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Thermal Physics
Energy and Entropy


  • Date Published: February 2015
  • availability: In stock
  • format: Paperback
  • isbn: 9781107465497
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About the Authors
  • Written by distinguished physics educator David Goodstein, this fresh introduction to thermodynamics, statistical mechanics, and the study of matter is ideal for undergraduate courses. The textbook looks at the behavior of thermodynamic variables and examines partial derivatives - the essential language of thermodynamics. It also explores states of matter and the phase transitions between them, the ideal gas equation, and the behavior of the atmosphere. The origin and meaning of the laws of thermodynamics are then discussed, together with Carnot engines and refrigerators, and the notion of reversibility. Later chapters cover the partition function, the density of states, and energy functions, as well as more advanced topics such as the interactions between particles and equations for the states of gases of varying densities. Favoring intuitive and qualitative descriptions over exhaustive mathematical derivations, the textbook uses numerous problems and worked examples to help readers get to grips with the subject.

    • Makes the usually complex subject of statistical mechanics and thermodynamics simple and easy to understand
    • Introduces all thermodynamic functions and how they are related to microscopic quantities through statistical mechanics
    • Gives intuitive and qualitative descriptions over exhaustive mathematical derivations
    • Includes exercises and worked examples
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    Customer reviews

    08th Jan 2017 by Dan1729

    I travel a lot in my work and am always on the lookout for interesting books that I can read on the airplane. Generally, this precludes many texts on thermodynamics. However, Professor Goldstein's anti-tome, Thermal Physics, made the cut and I am glad it did. Part of the appeal of thermodynamics is that it is one of the rare truly deductive sciences. We make a few assumptions, like perpetual motion machines do not exist and atoms do, and we then deduce theorems that seem to apply to the real world. Goldstein wastes no time revealing the beauty of this approach. Within the first few pages of the book he develops the foundation on which the understanding of thermodynamics is to be built. Goldstein does, however, make one serious error relating to the experimental side of the science. The best liquid for the study of the melting of ice comes not from the moors of Scotland but from the hills of Tennessee. A significant point, considering the importance of this fluid to those engaged in scientific careers.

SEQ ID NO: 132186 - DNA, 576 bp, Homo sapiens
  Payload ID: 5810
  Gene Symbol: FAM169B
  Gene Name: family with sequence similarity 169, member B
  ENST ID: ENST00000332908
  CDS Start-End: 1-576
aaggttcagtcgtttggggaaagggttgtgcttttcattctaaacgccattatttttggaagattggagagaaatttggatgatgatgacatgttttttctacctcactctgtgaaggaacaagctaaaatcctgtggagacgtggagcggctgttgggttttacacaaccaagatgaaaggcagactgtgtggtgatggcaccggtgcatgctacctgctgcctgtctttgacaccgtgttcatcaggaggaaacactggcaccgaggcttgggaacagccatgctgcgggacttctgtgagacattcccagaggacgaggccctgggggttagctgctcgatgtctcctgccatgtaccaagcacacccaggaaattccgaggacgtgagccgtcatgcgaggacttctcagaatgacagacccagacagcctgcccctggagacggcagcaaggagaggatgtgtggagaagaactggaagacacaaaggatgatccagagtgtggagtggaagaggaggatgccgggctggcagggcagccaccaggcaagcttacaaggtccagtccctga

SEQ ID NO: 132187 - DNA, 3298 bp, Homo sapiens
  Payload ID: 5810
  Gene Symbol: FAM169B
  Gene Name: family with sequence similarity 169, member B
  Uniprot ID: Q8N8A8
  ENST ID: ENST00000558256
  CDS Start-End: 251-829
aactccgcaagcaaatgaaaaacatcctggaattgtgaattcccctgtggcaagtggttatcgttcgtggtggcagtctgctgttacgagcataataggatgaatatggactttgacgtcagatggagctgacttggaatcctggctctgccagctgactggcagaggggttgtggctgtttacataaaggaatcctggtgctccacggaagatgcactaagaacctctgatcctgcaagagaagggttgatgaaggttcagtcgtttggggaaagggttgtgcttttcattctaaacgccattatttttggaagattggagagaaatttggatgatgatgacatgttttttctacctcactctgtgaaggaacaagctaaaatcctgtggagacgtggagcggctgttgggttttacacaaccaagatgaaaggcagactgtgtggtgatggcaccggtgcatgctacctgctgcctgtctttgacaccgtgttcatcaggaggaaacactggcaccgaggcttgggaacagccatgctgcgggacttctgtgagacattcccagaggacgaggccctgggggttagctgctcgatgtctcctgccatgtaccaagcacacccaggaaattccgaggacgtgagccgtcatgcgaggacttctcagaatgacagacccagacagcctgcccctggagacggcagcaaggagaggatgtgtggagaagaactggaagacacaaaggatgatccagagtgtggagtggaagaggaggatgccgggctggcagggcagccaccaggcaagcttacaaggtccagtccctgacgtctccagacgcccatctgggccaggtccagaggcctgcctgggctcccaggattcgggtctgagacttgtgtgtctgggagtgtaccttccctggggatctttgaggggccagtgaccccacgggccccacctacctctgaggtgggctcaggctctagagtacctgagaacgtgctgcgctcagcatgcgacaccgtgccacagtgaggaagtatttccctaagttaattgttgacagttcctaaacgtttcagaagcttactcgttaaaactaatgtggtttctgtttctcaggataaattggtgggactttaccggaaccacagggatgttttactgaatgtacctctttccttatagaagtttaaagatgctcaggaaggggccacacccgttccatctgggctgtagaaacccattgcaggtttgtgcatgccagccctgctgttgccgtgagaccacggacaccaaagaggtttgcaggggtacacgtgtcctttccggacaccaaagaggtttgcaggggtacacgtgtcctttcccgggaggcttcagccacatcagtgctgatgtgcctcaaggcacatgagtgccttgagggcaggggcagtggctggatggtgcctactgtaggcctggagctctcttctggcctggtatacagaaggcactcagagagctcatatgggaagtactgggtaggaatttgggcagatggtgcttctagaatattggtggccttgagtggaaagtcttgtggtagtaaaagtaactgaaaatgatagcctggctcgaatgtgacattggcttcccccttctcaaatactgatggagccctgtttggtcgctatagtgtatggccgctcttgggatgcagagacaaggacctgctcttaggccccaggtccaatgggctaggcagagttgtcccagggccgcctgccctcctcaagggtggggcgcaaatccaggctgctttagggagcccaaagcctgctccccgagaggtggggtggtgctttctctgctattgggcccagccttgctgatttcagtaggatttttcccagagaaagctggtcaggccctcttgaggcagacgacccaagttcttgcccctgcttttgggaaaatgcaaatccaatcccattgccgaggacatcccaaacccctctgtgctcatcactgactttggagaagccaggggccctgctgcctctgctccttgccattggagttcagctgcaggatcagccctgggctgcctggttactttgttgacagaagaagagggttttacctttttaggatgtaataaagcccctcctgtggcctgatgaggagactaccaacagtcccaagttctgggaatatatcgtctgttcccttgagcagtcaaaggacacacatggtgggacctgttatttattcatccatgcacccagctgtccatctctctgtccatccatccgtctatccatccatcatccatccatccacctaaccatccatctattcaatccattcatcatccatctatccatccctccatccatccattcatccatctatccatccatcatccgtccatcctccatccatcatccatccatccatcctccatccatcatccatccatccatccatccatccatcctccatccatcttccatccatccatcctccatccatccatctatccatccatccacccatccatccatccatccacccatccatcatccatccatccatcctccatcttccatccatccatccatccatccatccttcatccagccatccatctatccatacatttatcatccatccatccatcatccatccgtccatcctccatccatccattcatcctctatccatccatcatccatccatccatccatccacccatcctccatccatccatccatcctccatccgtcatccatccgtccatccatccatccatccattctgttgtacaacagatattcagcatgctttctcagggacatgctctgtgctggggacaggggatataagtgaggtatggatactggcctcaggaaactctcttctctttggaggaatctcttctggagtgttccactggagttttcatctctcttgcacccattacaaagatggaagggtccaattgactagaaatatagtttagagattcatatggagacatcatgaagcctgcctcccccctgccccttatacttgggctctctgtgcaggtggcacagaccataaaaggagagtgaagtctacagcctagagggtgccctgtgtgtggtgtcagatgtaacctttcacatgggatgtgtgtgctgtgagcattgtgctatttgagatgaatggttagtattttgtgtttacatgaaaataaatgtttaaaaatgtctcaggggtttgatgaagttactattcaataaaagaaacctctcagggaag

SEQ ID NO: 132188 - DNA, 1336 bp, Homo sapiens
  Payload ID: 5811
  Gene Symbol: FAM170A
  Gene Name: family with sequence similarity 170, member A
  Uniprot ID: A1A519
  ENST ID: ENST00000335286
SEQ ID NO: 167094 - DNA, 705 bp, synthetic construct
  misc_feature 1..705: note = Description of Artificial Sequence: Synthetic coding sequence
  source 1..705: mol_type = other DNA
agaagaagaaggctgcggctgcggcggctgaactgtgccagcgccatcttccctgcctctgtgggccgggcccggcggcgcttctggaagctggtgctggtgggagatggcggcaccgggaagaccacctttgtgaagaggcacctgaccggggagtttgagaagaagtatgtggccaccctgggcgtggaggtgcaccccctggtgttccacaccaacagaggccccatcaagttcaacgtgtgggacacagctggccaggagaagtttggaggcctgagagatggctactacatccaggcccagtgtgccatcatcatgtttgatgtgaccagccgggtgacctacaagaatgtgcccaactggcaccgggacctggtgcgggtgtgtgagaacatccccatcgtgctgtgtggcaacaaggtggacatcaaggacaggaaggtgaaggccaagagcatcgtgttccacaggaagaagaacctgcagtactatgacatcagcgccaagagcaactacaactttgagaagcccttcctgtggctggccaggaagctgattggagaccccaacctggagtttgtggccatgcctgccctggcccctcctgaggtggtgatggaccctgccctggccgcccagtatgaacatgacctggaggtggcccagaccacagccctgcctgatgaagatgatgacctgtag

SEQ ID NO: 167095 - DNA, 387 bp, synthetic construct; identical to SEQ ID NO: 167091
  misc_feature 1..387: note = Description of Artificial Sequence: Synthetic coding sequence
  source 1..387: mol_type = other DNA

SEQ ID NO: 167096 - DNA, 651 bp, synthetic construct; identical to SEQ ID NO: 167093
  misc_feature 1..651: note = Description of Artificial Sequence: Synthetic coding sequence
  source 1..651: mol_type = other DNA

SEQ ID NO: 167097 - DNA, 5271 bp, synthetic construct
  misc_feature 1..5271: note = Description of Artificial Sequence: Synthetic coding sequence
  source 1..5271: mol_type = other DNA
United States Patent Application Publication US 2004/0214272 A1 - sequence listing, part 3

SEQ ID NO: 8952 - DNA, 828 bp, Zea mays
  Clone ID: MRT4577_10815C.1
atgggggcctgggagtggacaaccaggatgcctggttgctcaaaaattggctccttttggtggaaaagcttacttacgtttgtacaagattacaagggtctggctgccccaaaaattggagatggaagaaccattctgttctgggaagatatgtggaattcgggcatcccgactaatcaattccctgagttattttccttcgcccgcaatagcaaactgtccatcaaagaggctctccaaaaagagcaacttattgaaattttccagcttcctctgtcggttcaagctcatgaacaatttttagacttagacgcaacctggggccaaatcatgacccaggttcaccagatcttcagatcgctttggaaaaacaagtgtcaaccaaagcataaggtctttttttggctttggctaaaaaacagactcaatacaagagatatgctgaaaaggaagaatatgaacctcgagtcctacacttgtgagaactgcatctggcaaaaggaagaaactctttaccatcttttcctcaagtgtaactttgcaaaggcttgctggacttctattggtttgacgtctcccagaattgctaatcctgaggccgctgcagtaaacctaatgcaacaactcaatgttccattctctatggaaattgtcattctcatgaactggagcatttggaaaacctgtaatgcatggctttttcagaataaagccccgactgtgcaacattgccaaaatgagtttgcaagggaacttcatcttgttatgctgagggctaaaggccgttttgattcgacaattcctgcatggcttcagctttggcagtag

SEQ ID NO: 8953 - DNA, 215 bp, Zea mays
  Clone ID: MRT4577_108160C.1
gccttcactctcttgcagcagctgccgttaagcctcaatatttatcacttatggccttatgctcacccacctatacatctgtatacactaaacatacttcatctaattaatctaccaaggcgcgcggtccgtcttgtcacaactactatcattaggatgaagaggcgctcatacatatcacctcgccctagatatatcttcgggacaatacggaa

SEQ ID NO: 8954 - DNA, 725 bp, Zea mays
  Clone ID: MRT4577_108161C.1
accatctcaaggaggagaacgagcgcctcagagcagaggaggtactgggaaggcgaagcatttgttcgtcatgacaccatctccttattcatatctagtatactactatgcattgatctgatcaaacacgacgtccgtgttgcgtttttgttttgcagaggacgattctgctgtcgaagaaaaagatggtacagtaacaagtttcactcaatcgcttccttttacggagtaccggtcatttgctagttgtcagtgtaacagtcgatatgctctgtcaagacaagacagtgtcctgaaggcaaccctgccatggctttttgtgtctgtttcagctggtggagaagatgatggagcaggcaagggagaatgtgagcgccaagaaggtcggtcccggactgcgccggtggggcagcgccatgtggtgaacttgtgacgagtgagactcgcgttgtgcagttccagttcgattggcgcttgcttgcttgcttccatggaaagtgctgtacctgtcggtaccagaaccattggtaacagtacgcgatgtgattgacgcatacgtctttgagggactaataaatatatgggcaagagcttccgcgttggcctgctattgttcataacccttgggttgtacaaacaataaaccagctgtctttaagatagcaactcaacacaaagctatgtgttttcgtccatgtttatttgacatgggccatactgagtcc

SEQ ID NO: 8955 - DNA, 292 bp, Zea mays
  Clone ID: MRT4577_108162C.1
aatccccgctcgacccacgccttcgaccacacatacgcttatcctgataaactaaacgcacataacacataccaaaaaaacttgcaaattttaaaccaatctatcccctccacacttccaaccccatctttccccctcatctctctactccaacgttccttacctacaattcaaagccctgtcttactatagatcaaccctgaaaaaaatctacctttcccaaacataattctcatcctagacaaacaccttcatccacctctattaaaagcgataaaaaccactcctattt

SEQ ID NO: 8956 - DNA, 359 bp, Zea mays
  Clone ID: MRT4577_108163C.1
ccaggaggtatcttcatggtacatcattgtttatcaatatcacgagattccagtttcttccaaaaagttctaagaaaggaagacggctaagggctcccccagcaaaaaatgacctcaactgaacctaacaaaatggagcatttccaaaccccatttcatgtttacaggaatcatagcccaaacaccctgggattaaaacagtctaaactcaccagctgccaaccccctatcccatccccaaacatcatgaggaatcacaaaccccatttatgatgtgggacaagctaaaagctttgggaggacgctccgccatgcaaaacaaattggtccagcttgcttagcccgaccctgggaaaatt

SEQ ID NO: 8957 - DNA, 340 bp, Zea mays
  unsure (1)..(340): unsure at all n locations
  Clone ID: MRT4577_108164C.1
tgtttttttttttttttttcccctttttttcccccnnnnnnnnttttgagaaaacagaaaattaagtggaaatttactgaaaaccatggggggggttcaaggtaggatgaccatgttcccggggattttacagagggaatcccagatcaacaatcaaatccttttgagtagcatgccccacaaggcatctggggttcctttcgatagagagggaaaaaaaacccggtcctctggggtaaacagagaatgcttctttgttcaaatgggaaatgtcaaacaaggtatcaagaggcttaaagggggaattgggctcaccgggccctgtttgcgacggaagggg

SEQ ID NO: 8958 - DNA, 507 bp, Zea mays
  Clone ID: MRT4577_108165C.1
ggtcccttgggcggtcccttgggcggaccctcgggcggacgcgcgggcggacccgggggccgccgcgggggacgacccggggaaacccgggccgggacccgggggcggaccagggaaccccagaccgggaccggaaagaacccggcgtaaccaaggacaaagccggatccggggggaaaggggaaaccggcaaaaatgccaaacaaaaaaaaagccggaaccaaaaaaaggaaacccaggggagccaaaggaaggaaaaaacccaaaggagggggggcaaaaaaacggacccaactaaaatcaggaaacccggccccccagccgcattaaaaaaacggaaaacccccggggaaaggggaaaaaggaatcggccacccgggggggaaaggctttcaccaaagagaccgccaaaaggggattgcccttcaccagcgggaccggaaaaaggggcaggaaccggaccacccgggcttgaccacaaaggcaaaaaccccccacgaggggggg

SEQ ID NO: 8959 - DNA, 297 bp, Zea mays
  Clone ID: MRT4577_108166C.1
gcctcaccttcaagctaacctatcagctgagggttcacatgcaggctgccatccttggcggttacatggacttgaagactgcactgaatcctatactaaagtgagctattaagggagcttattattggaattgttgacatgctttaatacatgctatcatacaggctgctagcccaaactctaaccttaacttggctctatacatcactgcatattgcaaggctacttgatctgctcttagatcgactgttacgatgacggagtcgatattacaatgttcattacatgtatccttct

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    Product details

    • Date Published: February 2015
    • format: Paperback
    • isbn: 9781107465497
    • length: 176 pages
    • dimensions: 220 x 153 x 8 mm
    • weight: 0.29kg
    • contains: 44 b/w illus. 96 exercises
    • availability: In stock
  • Table of Contents

    1. The basic ideas of thermodynamics and statistical mechanics
    2. The care and feeding of thermodynamic variables
    3. Gases and other matters
    4. The laws of thermodynamics
    5. The Boltzmann factor and the density of states
    6. Thermodynamic functions
    7. Statistical mechanics for fixed and variable N
    8. More advanced topics
    9. Solutions

  • Author

    David Goodstein, California Institute of Technology
    David Goodstein is the Frank J. Gilloon Distinguished Teaching and Service Professor Emeritus at the California Institute of Technology. He has extensive research experience in condensed matter physics, and his book States of Matter (1975) was hailed as launching this important field. He directed and hosted the popular television series The Mechanical Universe, based on his lectures at Caltech.

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